The Statue of Zeus at Olympia
The Statue of Zeus was located within the Temple of Zeus in Olympia, Greece, home of the ancient Olympic Games. Nothing remains of the statue, but the temple ruins are still visible at the site. Descriptions of the statue rely on coins and ancient historic documents, one of which is quoted in The Seven Wonders of the World by John and Elizabeth Romer:
"The god, made of gold and ivory, sits on a throne. There is a garland on his head made as if of olive shoots. In his right hand he is carrying a Victory [figure], also made of gold and ivory, and this figure is holding a ribbon and has a wreath on its head. In the left hand of the god is a scepter decorated with every kind of precious metal. The bird perched on the scepter is the eagle. The sandals of the god are made of gold too, and so is his robe. Embroidered on the robe are figures of animals and white lilies. The crown is ornate with its gold and jewels, ornate with its ebony and ivory." - Pausanias, Description of Greece (c. AD 150).
The sculptor Pheidias built the statue circa 430-422 BC. It was constructed of wooden planks set upon an enormous timber scaffold and overlaid with ivory for the flesh, and gold for the beard, hair, and robe. It was about 40 feet high and stood as a symbol of Greek unity that was never really attained by the city-states of the time. As the Olympic games continued through the centuries, the statue was maintained with olive oil treatments, probably by the descendants of Pheidias. With the spread of Christianity, the Olympic Games were banned in 391 AD by the emperor Theodosius I as Pagan practices, and the temple was closed. The buildings were finally destroyed by earthquakes in the 6th century, AD, and the area became filled with mud and landslide debris from the nearby mountains. The site was discovered in 1776 and archaeologists began excavating in 1829. Excavation continued for many years and eventually Pheidias' workshop, the last major discovery, was unearthed in the 1950s.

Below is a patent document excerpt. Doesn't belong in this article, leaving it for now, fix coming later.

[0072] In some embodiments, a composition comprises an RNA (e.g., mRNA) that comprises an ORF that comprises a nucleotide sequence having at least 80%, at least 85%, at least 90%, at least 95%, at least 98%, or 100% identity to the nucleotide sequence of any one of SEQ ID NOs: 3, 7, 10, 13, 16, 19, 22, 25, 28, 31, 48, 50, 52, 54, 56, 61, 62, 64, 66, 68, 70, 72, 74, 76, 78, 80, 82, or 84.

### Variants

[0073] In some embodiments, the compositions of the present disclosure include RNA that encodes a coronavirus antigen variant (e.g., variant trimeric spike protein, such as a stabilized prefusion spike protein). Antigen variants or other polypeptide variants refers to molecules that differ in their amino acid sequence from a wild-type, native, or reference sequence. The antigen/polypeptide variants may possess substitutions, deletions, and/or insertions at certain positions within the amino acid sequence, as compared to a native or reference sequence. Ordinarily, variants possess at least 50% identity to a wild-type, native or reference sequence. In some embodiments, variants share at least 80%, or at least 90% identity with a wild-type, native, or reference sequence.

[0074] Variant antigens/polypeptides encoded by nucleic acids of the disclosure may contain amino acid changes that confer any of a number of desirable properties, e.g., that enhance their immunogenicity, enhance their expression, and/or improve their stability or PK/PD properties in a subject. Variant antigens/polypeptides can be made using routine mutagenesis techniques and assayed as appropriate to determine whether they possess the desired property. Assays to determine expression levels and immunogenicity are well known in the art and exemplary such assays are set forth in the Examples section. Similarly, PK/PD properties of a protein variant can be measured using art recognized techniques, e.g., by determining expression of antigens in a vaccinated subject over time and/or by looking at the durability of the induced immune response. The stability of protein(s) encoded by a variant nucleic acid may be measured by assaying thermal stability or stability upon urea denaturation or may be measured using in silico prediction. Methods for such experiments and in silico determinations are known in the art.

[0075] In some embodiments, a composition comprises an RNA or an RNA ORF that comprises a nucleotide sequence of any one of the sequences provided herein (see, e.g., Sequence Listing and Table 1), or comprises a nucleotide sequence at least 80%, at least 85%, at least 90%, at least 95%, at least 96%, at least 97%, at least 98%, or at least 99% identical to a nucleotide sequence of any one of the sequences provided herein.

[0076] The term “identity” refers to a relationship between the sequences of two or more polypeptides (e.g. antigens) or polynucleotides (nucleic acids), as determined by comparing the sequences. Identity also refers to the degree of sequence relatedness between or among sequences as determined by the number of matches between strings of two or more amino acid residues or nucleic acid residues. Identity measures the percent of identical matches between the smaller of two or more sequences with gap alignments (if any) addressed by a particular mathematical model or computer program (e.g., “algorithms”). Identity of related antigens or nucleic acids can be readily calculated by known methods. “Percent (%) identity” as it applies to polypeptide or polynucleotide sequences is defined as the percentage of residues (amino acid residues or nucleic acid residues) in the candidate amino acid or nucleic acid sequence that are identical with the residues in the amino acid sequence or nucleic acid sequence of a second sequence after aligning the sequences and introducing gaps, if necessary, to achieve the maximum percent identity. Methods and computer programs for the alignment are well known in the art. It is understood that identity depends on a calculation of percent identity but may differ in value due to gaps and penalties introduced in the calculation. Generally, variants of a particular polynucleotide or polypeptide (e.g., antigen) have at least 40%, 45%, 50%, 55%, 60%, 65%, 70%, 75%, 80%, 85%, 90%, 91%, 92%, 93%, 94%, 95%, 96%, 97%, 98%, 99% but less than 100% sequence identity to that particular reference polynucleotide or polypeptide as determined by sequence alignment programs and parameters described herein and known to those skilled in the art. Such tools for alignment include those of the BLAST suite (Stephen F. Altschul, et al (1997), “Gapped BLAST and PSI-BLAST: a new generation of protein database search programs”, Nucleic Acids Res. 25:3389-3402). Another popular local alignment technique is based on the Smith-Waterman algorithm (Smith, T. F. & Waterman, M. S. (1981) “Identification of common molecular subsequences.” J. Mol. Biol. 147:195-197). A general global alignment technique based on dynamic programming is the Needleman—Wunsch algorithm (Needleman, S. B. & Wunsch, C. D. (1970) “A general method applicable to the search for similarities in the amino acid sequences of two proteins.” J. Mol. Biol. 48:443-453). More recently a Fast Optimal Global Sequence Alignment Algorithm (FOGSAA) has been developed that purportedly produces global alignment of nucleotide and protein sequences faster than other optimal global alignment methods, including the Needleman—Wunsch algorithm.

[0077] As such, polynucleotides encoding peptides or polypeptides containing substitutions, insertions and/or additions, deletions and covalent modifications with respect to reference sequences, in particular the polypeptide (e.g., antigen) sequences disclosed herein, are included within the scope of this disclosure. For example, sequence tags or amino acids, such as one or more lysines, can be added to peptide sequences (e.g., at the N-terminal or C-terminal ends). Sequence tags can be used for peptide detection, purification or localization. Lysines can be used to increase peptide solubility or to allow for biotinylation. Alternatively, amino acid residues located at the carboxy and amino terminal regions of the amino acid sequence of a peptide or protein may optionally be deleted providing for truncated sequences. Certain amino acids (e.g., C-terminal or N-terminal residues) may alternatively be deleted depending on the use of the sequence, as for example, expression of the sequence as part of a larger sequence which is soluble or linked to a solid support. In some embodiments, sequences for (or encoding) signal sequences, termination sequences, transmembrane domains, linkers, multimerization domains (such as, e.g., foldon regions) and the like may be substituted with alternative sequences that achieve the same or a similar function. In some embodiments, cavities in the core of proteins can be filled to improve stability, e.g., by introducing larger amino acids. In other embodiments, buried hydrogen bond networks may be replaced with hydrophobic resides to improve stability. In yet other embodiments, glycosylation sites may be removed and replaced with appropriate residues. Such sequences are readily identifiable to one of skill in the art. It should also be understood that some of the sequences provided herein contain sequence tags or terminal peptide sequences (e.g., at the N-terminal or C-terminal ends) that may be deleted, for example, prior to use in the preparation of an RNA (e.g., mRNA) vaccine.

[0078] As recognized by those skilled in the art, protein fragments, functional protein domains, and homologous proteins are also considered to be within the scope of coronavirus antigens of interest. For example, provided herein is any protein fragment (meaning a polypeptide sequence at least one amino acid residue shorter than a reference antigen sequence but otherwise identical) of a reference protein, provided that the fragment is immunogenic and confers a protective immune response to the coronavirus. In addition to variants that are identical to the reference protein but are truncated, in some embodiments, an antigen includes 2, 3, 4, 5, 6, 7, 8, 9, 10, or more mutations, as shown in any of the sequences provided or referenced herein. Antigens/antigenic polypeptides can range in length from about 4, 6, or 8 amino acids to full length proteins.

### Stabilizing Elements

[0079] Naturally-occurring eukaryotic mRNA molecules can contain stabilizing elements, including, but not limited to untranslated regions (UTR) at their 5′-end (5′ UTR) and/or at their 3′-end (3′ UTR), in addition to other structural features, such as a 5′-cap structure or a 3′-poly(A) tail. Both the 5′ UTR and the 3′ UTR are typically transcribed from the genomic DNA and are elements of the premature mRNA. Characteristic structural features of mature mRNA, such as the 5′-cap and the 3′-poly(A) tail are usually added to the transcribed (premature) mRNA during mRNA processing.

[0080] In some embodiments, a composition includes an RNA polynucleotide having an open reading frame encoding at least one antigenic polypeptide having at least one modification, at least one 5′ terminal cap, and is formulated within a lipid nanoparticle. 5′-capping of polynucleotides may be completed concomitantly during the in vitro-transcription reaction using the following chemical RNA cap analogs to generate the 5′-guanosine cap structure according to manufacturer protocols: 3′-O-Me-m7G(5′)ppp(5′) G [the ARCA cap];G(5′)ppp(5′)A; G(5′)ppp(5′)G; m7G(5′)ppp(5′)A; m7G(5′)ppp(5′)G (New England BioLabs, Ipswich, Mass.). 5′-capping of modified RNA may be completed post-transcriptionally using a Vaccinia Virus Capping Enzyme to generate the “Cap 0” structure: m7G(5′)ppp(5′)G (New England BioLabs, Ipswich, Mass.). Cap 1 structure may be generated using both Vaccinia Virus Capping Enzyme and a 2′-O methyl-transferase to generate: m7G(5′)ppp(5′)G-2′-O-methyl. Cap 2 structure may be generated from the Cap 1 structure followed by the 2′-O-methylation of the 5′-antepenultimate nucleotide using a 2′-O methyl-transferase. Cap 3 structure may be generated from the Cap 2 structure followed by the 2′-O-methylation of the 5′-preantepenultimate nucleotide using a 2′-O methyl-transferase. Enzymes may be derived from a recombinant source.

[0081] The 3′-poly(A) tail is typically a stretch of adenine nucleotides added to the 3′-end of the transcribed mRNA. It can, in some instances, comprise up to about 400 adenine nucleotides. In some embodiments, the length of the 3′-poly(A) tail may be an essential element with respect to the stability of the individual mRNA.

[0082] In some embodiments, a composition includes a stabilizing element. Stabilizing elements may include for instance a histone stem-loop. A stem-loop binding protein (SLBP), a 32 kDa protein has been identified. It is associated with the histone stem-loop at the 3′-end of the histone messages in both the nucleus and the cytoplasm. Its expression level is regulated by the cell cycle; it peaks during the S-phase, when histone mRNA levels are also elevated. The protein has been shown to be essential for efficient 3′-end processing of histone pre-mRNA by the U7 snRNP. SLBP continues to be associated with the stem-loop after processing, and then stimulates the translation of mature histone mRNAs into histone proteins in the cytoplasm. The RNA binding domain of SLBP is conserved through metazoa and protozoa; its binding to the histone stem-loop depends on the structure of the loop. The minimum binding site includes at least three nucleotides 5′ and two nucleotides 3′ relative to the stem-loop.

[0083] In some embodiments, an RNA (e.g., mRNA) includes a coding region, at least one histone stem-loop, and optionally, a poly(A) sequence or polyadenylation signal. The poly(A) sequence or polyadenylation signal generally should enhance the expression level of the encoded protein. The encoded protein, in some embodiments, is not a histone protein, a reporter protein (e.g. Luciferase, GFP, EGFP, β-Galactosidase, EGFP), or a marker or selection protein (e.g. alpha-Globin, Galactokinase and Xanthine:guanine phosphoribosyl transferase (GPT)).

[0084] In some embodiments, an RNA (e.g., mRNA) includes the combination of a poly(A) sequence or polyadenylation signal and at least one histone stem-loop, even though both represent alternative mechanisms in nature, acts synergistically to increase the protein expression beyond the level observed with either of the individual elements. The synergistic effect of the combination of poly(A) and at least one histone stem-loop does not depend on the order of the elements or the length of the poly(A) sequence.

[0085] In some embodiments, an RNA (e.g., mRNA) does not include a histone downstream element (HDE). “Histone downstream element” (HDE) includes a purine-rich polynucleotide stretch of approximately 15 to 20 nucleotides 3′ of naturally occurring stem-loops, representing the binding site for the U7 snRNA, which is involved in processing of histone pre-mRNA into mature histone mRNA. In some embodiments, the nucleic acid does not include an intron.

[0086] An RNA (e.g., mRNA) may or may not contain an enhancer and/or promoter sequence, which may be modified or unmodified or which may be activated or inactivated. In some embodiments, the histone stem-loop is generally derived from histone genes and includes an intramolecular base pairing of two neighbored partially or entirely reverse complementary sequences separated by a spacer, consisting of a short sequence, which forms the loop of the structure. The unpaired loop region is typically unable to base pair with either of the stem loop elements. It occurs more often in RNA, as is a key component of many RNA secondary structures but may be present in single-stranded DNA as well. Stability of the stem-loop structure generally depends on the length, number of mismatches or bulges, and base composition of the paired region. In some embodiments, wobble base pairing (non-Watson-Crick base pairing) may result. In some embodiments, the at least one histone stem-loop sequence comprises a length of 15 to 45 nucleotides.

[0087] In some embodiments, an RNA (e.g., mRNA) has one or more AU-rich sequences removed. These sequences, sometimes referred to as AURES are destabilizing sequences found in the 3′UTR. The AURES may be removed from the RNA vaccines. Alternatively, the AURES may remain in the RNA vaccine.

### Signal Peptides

The fate of the statue remains a mystery. Basically built of wood, it could have been destroyed by fire or the elements during many centuries of neglect. Some accounts claim it was removed to the Palace of Lausus in Constantinople and destroyed by a massive city fire in 475 AD. Link.